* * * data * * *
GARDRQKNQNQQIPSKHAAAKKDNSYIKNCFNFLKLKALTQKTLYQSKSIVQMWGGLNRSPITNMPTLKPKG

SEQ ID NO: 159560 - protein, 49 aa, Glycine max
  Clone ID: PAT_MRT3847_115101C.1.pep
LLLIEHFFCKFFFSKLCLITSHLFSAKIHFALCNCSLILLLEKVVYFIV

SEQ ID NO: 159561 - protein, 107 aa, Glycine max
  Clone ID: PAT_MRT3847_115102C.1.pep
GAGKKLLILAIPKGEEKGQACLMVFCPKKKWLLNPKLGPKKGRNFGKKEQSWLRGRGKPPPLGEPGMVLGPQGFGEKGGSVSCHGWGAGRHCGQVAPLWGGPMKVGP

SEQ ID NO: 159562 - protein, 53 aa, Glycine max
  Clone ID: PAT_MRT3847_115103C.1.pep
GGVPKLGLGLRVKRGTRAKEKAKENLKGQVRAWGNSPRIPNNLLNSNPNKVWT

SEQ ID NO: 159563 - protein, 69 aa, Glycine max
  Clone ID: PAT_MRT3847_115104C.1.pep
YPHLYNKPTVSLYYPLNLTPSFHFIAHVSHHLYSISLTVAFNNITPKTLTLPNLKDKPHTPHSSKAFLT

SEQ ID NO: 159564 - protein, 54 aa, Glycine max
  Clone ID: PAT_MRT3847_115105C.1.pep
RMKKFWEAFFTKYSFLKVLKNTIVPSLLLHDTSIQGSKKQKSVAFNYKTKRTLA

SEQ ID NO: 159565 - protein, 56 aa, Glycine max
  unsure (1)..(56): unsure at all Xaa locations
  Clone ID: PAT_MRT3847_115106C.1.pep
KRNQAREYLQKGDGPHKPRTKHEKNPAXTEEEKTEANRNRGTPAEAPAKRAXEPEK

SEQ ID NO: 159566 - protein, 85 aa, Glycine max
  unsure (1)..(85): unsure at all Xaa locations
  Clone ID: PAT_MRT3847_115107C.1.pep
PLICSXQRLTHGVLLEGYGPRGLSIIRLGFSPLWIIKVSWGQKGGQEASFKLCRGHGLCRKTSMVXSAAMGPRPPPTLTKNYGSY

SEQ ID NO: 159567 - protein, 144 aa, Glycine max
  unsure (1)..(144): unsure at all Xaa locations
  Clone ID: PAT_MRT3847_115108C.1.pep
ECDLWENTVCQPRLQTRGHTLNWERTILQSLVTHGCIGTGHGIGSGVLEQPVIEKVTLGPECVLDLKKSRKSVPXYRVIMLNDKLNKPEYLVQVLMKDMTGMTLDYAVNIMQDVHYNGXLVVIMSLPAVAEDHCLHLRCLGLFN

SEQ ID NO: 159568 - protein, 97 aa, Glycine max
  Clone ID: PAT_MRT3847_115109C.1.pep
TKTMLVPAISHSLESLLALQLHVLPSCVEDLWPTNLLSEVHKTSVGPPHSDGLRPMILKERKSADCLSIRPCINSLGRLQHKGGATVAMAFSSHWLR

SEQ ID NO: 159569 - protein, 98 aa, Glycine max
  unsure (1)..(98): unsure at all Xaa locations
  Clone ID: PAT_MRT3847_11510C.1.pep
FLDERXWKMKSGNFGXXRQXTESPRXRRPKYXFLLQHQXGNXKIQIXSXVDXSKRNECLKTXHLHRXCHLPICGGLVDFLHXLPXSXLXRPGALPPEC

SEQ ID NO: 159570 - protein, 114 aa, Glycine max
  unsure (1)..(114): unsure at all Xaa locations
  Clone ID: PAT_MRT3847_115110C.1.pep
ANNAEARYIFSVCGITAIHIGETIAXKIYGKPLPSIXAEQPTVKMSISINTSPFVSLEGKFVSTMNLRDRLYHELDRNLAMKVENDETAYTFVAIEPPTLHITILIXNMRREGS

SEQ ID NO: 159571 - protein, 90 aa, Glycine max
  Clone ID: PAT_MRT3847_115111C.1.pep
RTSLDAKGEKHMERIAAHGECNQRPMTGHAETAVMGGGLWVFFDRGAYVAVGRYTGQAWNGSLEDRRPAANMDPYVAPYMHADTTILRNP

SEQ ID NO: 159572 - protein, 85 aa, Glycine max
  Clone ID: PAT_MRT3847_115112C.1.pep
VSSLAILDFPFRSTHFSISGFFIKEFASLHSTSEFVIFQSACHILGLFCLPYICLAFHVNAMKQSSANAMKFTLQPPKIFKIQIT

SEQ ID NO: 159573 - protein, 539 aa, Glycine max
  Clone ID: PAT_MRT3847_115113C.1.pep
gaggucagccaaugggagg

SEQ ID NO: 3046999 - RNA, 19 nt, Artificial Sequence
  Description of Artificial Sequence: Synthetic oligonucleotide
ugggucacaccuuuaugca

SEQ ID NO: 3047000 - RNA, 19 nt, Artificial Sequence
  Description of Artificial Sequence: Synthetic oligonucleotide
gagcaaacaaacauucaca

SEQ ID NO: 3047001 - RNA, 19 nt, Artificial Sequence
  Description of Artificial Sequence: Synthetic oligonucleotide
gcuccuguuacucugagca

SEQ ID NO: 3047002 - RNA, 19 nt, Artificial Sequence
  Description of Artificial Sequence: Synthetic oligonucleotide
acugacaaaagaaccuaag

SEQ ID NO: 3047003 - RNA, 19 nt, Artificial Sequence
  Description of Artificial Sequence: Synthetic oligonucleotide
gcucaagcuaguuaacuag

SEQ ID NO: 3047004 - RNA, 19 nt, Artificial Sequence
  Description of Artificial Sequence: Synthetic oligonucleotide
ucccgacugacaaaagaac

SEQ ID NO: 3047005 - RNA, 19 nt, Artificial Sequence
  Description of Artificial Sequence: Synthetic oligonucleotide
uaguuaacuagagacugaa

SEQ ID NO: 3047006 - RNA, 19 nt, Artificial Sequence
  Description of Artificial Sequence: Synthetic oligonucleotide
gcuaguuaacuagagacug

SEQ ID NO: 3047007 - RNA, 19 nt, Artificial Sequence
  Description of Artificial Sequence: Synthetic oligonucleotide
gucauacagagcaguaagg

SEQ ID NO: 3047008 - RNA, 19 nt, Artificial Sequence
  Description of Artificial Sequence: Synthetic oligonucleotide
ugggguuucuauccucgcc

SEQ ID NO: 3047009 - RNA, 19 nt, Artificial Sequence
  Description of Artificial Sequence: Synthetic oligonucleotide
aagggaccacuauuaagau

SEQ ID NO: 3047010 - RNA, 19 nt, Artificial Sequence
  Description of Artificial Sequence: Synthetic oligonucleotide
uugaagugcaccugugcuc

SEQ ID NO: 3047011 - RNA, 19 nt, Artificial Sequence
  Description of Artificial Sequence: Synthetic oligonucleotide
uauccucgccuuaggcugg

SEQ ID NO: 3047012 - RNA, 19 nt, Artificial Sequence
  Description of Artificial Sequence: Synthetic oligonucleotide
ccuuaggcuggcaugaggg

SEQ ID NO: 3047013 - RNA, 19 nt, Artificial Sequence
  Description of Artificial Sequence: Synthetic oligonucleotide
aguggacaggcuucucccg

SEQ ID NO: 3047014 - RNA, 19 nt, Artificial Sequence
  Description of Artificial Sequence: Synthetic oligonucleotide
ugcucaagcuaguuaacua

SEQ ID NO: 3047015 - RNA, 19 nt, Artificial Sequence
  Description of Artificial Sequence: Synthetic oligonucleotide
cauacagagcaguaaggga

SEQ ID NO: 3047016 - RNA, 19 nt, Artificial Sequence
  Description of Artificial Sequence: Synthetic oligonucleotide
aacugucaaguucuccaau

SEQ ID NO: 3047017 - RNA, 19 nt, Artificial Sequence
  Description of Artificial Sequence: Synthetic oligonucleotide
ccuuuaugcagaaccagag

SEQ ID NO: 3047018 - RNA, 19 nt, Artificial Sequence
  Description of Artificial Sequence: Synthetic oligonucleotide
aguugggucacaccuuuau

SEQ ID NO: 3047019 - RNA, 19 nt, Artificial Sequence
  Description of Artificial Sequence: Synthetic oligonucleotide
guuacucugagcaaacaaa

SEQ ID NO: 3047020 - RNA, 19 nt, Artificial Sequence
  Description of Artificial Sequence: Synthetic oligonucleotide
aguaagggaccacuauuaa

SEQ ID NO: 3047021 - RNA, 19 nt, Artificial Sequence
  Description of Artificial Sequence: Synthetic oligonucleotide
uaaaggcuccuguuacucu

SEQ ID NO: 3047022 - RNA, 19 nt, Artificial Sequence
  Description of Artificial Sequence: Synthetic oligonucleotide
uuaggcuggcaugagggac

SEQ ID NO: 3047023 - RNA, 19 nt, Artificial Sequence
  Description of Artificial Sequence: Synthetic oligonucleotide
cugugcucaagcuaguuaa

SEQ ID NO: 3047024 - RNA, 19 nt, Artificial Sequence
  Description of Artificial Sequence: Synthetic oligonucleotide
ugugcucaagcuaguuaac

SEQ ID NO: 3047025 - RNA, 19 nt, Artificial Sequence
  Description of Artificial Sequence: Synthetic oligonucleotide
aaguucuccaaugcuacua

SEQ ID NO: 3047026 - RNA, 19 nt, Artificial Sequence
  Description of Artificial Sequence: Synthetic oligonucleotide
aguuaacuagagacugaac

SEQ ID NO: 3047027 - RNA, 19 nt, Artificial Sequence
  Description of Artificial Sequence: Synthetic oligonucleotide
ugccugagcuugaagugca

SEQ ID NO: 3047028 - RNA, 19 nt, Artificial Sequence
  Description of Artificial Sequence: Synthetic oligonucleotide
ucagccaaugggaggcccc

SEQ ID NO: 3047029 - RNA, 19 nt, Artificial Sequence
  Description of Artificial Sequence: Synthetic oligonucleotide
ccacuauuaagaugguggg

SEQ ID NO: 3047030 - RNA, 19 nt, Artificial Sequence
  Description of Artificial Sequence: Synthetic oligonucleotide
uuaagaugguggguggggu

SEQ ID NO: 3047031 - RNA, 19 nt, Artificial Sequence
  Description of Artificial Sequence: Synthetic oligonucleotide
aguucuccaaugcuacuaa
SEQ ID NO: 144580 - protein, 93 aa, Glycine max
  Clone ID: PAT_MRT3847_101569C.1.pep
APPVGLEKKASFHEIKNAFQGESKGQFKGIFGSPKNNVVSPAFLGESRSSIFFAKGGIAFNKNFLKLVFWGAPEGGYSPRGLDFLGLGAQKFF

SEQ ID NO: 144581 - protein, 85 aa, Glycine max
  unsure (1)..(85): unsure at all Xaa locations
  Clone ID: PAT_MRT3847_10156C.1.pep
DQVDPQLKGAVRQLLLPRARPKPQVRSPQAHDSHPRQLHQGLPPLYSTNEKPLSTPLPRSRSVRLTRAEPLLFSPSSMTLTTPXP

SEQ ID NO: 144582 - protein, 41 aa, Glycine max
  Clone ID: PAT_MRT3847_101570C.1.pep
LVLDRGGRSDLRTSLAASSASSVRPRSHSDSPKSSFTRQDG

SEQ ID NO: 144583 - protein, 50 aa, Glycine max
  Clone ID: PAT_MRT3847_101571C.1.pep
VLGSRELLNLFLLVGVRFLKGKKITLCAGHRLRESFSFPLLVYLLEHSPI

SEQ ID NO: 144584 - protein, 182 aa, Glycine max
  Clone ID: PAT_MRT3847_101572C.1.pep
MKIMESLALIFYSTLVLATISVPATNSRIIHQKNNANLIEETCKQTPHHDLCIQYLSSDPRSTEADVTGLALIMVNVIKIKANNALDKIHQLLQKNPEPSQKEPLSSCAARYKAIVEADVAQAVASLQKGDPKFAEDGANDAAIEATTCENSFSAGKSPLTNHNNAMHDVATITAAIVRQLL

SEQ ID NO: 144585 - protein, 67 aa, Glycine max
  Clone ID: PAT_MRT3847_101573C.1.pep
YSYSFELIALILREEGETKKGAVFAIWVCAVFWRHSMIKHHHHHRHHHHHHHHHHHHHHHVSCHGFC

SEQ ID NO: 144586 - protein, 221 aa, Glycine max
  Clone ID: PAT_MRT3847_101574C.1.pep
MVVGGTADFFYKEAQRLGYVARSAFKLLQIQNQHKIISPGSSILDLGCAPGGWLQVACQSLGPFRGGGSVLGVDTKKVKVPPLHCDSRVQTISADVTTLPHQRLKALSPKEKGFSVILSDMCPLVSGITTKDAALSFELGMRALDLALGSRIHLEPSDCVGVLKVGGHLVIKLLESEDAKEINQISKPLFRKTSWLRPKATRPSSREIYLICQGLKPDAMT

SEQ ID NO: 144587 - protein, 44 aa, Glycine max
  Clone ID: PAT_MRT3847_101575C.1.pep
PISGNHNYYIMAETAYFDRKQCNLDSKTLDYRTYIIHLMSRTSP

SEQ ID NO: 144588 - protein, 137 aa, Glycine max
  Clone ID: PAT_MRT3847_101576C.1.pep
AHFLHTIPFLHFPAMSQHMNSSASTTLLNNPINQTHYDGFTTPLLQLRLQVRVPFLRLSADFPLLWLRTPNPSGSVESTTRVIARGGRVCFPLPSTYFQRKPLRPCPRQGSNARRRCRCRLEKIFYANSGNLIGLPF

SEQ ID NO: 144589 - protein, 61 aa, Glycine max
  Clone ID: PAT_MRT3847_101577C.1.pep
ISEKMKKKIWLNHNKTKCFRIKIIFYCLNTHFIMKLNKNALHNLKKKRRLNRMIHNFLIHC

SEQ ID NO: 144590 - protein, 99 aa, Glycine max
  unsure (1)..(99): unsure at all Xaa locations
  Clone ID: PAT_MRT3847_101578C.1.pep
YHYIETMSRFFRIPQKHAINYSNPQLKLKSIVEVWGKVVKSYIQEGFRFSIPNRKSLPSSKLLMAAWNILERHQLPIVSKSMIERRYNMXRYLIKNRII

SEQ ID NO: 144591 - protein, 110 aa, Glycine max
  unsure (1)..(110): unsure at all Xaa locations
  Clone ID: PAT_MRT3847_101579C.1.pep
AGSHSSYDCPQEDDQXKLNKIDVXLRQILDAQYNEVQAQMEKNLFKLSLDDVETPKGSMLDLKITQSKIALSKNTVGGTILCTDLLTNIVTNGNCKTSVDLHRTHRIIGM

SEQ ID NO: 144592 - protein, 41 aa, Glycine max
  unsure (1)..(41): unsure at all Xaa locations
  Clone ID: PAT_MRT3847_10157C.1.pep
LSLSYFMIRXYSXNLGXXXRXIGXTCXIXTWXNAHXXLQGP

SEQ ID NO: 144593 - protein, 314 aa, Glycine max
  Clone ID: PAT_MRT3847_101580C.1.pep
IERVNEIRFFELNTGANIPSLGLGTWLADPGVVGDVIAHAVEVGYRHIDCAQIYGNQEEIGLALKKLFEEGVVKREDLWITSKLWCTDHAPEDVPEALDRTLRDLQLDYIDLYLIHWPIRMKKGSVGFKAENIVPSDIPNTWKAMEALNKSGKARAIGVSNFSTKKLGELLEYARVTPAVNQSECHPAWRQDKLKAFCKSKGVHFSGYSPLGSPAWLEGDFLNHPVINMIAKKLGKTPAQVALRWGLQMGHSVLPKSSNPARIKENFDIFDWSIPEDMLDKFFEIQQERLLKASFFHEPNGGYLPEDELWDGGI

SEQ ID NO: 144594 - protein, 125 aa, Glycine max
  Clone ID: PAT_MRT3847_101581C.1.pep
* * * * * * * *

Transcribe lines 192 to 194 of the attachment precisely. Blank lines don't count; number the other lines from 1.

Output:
  Clone ID: PAT_MRT3847_101580C.1.pep
IERVNEIRFFELNTGANIPSLGLGTWLADPGVVGDVIAHAVEVGYRHIDCAQIYGNQEEIGLALKKLFEEGVVKREDLWITSKLWCTDHAPEDVPEALDRTLRDLQLDYIDLYLIHWPIRMKKGSVGFKAENIVPSDIPNTWKAMEALNKSGKARAIGVSNFSTKKLGELLEYARVTPAVNQSECHPAWRQDKLKAFCKSKGVHFSGYSPLGSPAWLEGDFLNHPVINMIAKKLGKTPAQVALRWGLQMGHSVLPKSSNPARIKENFDIFDWSIPEDMLDKFFEIQQERLLKASFFHEPNGGYLPEDELWDGGI

SEQ ID NO: 144594 - protein, 125 aa, Glycine max